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Uncle Sam Can't Count: A History of Failed Government Investments, from Beaver Pelts to Green Energy Hardcover – April 15, 2014
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From the Back Cover
In their fascinating history of government misadventure, Burton and Anita Folsom show why the Obama administration's urge to pick winners and losers in the private sector is doomed to fail.
From the days of George Washington through World War II to today, government investments have failed dismally. They not only drain the Treasury of cash but also impede economic growth, and they hurt the very companies they try to support.
Why does federal aid seem to have a reverse Midas touch? Simply put, federal officials don't have the same abilities or incentives as entrepreneurs. In addition, federal control always produces political control of some kind. What is best for politicians is not often what works in the marketplace. Politicians want to win votes, and they can do so by giving targeted CEOs benefits while dispersing costs to others.
Uncle Sam Can't Count is filled with examples of government failures and free market triumphs, including
- John Jacob Astor, who owned a fur company that defeated a government-funded rival—supported by George Washington himself—by actively cooperating in trade with the Native Americans instead of trying to tell them what they wanted.
- The Wright brothers, who, with two thousand dollars of their own money, successfully flew the first manned flight, while the government threw money at Samuel Langley, whose two failed attempts at flight both landed in the Potomac River.
- George Mitchell, who spent seventeen years developing fracking, after the high taxes on oil drilling were repealed, while the government subsidized ethanol.
Uncle Sam Can't Count is a hard-hitting critique of a government completely incapable of either picking winners or learning from its many mistakes, which demonstrates why business should be left to private entrepreneurs.
About the Author
Burton W. Folsom Jr. is the Charles Kline Professor of History and Management at Hillsdale College, and the author of New Deal or Raw Deal?, The Myth of the Robber Barons, and FDR Goes to War, written with his wife, Anita. He has written for the Wall Street Journal, American Spectator, Policy Review, and Human Events.
Anita Folsom has pursued a career in both politics and the teaching of history, including teaching American history at Hillsdale College. She served in the Electoral College in 1988. Since 2006 she has directed Hillsdale College's Free Market Forum, a national colloquium for college teachers. She is coauthor of FDR Goes to War and has written for the Wall Street Journal, American Spectator, Human Events, and the Detroit News.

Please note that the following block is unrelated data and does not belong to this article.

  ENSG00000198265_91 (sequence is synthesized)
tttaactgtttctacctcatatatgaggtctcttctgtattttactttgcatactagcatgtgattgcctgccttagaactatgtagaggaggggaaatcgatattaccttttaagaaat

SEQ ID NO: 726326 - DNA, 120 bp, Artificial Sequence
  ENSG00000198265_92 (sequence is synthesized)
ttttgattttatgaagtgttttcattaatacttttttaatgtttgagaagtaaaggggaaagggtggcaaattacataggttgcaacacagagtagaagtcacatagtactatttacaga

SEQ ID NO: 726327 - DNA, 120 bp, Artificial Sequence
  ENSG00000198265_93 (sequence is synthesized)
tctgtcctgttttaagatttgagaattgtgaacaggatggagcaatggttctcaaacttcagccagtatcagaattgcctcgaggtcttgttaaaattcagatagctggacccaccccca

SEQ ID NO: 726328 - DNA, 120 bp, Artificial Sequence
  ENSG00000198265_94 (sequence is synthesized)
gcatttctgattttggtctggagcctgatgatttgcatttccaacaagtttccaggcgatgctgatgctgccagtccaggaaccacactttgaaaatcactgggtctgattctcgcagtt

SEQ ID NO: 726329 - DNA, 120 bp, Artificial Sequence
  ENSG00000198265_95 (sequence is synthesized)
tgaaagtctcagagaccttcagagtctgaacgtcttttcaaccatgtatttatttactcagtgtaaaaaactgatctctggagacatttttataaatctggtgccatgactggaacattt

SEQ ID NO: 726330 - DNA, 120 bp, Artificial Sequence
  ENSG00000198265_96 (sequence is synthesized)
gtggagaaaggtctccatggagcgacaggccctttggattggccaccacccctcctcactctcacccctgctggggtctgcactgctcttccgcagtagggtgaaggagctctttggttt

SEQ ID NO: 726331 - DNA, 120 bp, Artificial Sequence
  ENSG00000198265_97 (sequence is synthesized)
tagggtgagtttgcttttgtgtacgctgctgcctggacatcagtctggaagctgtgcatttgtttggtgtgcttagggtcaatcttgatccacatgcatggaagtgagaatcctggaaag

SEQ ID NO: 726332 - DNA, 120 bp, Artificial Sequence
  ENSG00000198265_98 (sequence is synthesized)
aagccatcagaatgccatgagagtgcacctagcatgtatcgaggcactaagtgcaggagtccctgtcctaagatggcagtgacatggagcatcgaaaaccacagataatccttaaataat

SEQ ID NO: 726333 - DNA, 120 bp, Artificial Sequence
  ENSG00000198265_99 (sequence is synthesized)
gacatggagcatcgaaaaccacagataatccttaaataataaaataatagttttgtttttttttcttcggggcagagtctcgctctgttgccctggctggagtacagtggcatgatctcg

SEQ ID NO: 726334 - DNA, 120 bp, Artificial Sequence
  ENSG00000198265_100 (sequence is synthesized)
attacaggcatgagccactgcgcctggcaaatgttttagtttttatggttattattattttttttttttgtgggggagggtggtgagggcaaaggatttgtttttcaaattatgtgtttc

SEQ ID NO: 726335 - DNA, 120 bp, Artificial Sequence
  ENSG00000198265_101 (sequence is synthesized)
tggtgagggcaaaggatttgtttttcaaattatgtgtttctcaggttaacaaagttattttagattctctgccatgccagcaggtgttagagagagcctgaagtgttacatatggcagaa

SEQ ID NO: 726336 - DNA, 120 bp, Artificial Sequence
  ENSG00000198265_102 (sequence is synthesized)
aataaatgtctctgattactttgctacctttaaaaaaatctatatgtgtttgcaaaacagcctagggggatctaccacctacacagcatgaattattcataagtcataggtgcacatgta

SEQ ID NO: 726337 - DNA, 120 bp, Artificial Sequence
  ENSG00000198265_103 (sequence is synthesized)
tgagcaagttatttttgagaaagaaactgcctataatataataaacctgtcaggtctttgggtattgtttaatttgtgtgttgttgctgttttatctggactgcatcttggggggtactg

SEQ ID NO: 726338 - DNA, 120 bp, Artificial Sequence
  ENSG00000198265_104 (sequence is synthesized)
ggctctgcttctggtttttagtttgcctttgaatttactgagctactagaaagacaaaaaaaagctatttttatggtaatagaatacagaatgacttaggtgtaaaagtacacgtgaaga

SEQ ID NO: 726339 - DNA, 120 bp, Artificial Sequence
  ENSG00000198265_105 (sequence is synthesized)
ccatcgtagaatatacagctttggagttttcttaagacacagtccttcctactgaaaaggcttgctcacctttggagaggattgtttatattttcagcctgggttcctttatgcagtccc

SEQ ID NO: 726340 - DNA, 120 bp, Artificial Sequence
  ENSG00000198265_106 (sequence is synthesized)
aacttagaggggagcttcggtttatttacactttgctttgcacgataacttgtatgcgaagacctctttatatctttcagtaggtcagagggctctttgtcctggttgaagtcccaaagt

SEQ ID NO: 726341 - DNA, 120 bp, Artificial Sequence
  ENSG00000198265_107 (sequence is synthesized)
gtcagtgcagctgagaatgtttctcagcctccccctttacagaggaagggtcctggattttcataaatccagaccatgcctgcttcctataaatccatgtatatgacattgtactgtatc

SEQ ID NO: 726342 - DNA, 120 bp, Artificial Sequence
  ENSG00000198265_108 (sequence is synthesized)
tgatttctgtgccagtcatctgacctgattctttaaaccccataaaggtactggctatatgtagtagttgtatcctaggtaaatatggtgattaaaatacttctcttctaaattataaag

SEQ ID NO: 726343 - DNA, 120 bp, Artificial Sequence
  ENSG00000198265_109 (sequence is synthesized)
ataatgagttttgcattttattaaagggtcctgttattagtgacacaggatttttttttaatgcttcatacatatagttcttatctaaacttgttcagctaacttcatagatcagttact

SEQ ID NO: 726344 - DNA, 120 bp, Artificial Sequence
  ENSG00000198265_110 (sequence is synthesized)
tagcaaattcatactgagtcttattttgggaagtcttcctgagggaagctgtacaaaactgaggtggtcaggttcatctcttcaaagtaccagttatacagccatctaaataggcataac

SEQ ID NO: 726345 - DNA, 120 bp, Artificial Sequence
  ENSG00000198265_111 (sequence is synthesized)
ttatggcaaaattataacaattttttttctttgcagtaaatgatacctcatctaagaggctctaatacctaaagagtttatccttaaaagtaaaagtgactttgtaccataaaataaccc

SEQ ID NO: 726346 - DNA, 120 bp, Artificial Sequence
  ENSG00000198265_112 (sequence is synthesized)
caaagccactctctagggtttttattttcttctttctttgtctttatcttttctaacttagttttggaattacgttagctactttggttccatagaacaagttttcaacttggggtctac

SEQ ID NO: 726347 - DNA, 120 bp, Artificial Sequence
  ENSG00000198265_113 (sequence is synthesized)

Top Customer Reviews
Whereas the traditional textbooks have the general theme of "a problem occurred, often due to the failure of free markets to self-regulate, and the government came in and fixed it." The theme of this book is instead, "government regulations impeded markets, creating and deepening misery." It is important to not only speak about the intentions of government action, but the results. Most textbooks content themselves to superficially describe a historical problem and then the government policy created with the intent of addressing it. The full causes of the problems in the first place and the effects of the well-intentioned policies are seldom questioned. This book addresses these conventional failings.
Burt and Anita Folsom's insights are sound, as in their other books, but they are sometimes repetitive and patronizing in their tone. This is especially true of the introduction. The tone of his early books, "Myth of the Robber Barons" and "Michigan Entrepreneurs" was more focused and scholarly. This book includes many of the same stories, but with less detail and more judgmental language.
This book is well-referenced, but seems to be designed for an audience that is both less intellectual and more partisan than the audience of Folsom's earlier works on entrepreneurs.Read more ›
Most Recent Customer Reviews
When will we ever learn? Government subsidies do not work, but free markets do. It's about political entrepreneurs versus free market entrepreneurs. Read morePublished 12 months ago by Seaotter
Explains why people never get their money's worth when other people's money is used, no matter how good the project sounds, must always use the private sector.Published 12 months ago by Carolyn S. Cox
This is a fine history of federal subsidies in the U.S. If I may have one criticism, it would be that the author left out Lysander Spooner's battle with the U.S. Read morePublished 13 months ago by Joseph
Every caring citizen should be educated on these failures of government
trying to pick winners in these ventures of commerce.
You don't have to be a government cynic to enjoy this book! If it weren't our money the politicians throw away it would be funny. Great read. And honest.Published 14 months ago by Mack Shockley
So many people fight over what will happen if the government does this or that. This book gives a long history of individual entrepreneurs succeeding where government subsidized... Read morePublished 15 months ago by Amazon Customer
This is an ideology book that has no linkage to facts. The authors want to cater to a particular subset of people and don't have a lot of respect for facts. Read morePublished 18 months ago by Chatrathi V. Kalyan
Burt Folsom is professor of The History of Economics at Hillsdale College in Michigan. He has won many teaching awards and as an adult participant in Hillsdale's Hostel Program -... Read morePublished 18 months ago by john heilman